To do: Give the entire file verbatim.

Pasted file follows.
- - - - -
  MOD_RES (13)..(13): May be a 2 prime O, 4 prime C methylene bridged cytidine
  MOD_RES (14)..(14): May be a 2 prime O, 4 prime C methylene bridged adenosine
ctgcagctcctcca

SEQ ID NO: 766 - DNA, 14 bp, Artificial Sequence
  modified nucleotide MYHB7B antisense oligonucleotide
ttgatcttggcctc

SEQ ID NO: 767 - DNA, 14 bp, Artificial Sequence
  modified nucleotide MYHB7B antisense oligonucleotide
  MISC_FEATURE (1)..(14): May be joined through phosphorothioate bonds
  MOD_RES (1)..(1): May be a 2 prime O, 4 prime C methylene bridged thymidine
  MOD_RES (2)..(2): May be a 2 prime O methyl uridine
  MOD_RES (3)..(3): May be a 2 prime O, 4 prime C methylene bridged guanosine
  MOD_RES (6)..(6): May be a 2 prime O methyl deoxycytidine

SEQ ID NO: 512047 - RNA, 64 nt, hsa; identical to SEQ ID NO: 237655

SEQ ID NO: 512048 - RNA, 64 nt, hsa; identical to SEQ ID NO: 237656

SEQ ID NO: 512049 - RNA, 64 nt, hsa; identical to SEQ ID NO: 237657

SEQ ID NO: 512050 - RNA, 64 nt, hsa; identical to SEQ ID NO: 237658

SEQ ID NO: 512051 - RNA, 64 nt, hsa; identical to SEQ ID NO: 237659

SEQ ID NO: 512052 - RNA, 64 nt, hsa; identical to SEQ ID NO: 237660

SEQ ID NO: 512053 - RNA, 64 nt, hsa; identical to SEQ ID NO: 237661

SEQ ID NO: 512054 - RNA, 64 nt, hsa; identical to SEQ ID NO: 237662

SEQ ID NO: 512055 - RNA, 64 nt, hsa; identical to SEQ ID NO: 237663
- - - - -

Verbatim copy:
  MOD_RES (13)..(13): May be a 2 prime O, 4 prime C methylene bridged cytidine
  MOD_RES (14)..(14): May be a 2 prime O, 4 prime C methylene bridged adenosine
ctgcagctcctcca

SEQ ID NO: 766 - DNA, 14 bp, Artificial Sequence
  modified nucleotide MYHB7B antisense oligonucleotide
ttgatcttggcctc

SEQ ID NO: 767 - DNA, 14 bp, Artificial Sequence
  modified nucleotide MYHB7B antisense oligonucleotide
  MISC_FEATURE (1)..(14): May be joined through phosphorothioate bonds
  MOD_RES (1)..(1): May be a 2 prime O, 4 prime C methylene bridged thymidine
  MOD_RES (2)..(2): May be a 2 prime O methyl uridine
  MOD_RES (3)..(3): May be a 2 prime O, 4 prime C methylene bridged guanosine
  MOD_RES (6)..(6): May be a 2 prime O methyl deoxycytidine

SEQ ID NO: 512047 - RNA, 64 nt, hsa; identical to SEQ ID NO: 237655

SEQ ID NO: 512048 - RNA, 64 nt, hsa; identical to SEQ ID NO: 237656

SEQ ID NO: 512049 - RNA, 64 nt, hsa; identical to SEQ ID NO: 237657

SEQ ID NO: 512050 - RNA, 64 nt, hsa; identical to SEQ ID NO: 237658

SEQ ID NO: 512051 - RNA, 64 nt, hsa; identical to SEQ ID NO: 237659

SEQ ID NO: 512052 - RNA, 64 nt, hsa; identical to SEQ ID NO: 237660

SEQ ID NO: 512053 - RNA, 64 nt, hsa; identical to SEQ ID NO: 237661

SEQ ID NO: 512054 - RNA, 64 nt, hsa; identical to SEQ ID NO: 237662

SEQ ID NO: 512055 - RNA, 64 nt, hsa; identical to SEQ ID NO: 237663